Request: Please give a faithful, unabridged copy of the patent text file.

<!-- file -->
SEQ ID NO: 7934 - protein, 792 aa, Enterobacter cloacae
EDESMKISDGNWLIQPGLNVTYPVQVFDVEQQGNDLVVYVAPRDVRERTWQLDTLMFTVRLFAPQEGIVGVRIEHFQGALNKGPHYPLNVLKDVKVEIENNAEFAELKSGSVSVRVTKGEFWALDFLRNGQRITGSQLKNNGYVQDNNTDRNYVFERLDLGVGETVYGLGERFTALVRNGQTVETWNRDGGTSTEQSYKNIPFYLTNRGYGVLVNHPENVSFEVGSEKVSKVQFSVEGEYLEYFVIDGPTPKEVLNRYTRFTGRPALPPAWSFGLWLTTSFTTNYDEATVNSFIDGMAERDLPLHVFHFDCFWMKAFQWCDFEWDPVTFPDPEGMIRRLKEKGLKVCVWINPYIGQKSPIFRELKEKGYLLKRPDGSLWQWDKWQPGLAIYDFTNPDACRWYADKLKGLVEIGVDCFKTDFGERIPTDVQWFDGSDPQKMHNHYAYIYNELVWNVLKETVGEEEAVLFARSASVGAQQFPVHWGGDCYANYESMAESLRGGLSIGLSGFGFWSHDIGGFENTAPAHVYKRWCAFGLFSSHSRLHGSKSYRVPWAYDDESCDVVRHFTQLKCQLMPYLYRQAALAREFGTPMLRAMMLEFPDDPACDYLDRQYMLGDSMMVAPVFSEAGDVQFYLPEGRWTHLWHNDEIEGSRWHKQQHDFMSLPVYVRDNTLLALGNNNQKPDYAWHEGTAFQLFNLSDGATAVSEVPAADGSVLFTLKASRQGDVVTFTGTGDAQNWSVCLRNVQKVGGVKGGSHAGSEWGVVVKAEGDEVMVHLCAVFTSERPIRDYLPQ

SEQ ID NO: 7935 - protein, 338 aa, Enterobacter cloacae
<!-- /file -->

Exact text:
SEQ ID NO: 7934 - protein, 792 aa, Enterobacter cloacae
EDESMKISDGNWLIQPGLNVTYPVQVFDVEQQGNDLVVYVAPRDVRERTWQLDTLMFTVRLFAPQEGIVGVRIEHFQGALNKGPHYPLNVLKDVKVEIENNAEFAELKSGSVSVRVTKGEFWALDFLRNGQRITGSQLKNNGYVQDNNTDRNYVFERLDLGVGETVYGLGERFTALVRNGQTVETWNRDGGTSTEQSYKNIPFYLTNRGYGVLVNHPENVSFEVGSEKVSKVQFSVEGEYLEYFVIDGPTPKEVLNRYTRFTGRPALPPAWSFGLWLTTSFTTNYDEATVNSFIDGMAERDLPLHVFHFDCFWMKAFQWCDFEWDPVTFPDPEGMIRRLKEKGLKVCVWINPYIGQKSPIFRELKEKGYLLKRPDGSLWQWDKWQPGLAIYDFTNPDACRWYADKLKGLVEIGVDCFKTDFGERIPTDVQWFDGSDPQKMHNHYAYIYNELVWNVLKETVGEEEAVLFARSASVGAQQFPVHWGGDCYANYESMAESLRGGLSIGLSGFGFWSHDIGGFENTAPAHVYKRWCAFGLFSSHSRLHGSKSYRVPWAYDDESCDVVRHFTQLKCQLMPYLYRQAALAREFGTPMLRAMMLEFPDDPACDYLDRQYMLGDSMMVAPVFSEAGDVQFYLPEGRWTHLWHNDEIEGSRWHKQQHDFMSLPVYVRDNTLLALGNNNQKPDYAWHEGTAFQLFNLSDGATAVSEVPAADGSVLFTLKASRQGDVVTFTGTGDAQNWSVCLRNVQKVGGVKGGSHAGSEWGVVVKAEGDEVMVHLCAVFTSERPIRDYLPQ

SEQ ID NO: 7935 - protein, 338 aa, Enterobacter cloacae